Pictured, left to right: Mexico, United States.
Pictured, left to right: Mexico, United States. Dario Lopez-Mills/AP
In his New York Times Magazine column this week, Adam Davidson writes about illegal immigration. Here's an excerpt.
As Congress debates the contours of immigration reform, many arguments have been made on economic grounds. Undocumented workers, some suggest, undercut wages and take jobs that would otherwise go to Americans. Worse, the argument goes, many use social programs, like hospitals and schools, that cost taxpayers and add to our $16 trillion national debt. Would deporting Pedro Chan and the other 11 million or so undocumented workers mean more jobs, lower taxes and a stronger economy? ...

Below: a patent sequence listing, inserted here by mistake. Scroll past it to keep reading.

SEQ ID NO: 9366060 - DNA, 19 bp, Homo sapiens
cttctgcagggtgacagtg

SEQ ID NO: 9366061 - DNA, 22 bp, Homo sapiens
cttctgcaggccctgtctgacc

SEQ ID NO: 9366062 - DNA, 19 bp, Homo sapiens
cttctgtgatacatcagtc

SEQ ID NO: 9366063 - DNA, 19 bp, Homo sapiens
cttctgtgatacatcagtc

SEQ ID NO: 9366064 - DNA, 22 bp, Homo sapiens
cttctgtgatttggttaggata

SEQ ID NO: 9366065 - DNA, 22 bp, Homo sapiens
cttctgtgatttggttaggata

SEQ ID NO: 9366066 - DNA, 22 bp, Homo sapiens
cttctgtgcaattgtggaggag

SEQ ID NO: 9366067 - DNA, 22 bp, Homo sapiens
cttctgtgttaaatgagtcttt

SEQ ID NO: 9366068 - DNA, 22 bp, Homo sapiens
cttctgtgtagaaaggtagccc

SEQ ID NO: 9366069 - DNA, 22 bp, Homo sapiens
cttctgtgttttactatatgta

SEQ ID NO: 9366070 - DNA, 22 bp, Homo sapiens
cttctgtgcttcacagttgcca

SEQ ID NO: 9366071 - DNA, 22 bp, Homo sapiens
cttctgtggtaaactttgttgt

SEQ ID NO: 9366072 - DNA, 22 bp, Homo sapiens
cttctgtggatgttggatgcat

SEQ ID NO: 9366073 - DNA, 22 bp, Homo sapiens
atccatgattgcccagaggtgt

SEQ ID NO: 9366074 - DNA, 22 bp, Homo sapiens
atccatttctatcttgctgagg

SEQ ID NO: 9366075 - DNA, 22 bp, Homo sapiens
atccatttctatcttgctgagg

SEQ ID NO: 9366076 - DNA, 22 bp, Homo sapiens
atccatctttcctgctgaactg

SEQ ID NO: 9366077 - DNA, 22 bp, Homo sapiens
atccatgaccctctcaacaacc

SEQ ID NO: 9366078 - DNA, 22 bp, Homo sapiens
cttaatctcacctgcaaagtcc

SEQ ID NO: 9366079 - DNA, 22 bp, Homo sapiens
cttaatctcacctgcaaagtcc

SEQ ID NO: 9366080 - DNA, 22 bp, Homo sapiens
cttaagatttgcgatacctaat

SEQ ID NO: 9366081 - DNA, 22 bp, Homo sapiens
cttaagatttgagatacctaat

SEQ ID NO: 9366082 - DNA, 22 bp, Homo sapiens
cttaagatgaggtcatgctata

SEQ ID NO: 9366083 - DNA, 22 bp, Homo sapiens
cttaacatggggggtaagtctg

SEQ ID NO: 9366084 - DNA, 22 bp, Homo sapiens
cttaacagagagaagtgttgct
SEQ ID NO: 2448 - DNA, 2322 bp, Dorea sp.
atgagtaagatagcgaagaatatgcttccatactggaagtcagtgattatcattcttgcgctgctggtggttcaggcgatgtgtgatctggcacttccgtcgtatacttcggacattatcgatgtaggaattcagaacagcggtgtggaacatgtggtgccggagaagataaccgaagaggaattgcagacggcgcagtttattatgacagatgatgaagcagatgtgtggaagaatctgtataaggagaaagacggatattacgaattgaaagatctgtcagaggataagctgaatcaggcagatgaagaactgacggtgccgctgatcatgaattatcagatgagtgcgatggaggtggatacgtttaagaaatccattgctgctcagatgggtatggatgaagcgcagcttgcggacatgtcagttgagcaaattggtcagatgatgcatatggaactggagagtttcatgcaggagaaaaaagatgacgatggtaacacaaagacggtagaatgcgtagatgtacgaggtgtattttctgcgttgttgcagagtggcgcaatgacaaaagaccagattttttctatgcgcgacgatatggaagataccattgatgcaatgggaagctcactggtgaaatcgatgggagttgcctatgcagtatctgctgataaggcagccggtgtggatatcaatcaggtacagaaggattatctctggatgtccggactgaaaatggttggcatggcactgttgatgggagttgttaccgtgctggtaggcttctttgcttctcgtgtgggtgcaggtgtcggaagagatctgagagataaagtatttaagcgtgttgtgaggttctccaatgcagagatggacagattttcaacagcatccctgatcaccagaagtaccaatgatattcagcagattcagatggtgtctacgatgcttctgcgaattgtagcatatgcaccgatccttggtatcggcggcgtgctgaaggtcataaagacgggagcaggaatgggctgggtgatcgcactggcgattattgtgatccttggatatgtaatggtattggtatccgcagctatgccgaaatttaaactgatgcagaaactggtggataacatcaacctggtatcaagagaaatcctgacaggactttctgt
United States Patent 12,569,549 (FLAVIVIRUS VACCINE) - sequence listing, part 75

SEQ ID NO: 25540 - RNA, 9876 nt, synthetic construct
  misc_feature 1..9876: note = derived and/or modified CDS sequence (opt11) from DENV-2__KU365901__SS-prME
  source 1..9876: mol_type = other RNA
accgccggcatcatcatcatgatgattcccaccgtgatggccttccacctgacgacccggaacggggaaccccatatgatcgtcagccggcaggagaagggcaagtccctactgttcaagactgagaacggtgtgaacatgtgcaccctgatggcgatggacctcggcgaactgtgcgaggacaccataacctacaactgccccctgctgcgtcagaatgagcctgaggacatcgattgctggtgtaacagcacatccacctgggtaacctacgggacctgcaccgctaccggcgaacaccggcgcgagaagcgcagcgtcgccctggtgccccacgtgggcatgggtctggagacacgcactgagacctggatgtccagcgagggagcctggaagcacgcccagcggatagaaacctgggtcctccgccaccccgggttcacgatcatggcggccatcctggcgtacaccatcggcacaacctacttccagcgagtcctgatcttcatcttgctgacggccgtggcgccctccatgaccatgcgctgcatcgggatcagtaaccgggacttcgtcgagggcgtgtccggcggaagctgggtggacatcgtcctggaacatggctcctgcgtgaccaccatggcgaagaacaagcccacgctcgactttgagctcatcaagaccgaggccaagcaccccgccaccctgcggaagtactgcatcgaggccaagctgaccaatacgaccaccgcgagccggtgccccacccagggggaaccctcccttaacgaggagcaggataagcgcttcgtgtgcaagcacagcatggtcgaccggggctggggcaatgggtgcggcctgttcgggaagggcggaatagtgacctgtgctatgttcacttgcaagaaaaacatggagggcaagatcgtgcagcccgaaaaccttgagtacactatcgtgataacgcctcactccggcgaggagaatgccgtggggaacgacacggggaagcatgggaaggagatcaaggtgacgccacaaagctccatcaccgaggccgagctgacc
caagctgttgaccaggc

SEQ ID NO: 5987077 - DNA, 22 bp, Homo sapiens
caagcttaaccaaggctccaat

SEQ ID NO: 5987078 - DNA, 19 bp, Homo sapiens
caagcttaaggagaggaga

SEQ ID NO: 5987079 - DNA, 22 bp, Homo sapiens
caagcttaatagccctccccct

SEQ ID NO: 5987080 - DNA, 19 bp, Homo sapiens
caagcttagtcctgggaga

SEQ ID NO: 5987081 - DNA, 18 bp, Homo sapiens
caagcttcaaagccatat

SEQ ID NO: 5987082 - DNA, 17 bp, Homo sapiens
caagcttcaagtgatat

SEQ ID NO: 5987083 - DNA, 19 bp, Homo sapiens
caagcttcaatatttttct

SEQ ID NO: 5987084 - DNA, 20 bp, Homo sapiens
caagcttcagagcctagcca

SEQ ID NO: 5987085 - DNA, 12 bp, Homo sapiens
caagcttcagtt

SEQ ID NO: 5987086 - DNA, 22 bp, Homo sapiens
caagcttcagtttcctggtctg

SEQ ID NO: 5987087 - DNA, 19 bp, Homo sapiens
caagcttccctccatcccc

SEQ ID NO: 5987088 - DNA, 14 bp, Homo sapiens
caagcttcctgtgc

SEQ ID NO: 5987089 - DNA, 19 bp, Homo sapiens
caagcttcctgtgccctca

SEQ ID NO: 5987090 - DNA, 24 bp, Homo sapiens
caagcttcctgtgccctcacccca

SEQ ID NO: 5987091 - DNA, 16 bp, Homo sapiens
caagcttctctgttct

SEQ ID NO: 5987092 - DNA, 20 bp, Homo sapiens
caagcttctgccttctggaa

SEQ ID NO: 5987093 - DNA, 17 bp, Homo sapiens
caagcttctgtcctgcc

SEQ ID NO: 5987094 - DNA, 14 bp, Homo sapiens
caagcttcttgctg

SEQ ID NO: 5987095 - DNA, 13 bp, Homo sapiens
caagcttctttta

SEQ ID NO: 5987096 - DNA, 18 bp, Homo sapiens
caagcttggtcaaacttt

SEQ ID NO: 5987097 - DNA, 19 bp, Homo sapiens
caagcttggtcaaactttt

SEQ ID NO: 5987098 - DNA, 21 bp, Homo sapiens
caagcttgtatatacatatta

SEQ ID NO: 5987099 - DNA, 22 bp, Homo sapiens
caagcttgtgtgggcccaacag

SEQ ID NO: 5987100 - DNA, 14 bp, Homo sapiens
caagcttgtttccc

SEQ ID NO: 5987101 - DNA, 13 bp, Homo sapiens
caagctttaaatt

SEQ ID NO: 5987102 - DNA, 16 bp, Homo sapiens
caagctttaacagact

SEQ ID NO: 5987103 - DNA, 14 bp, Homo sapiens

There are many ways to debate immigration, but when it comes to economics, there isn't much of a debate at all. Nearly all economists, of all political persuasions, agree that immigrants — those here legally or not — benefit the overall economy. "That is not controversial," Heidi Shierholz, an economist at the Economic Policy Institute, told me. Shierholz also said that "there is a consensus that, on average, the incomes of families in this country are increased by a small, but clearly positive amount, because of immigration."
Read the whole column.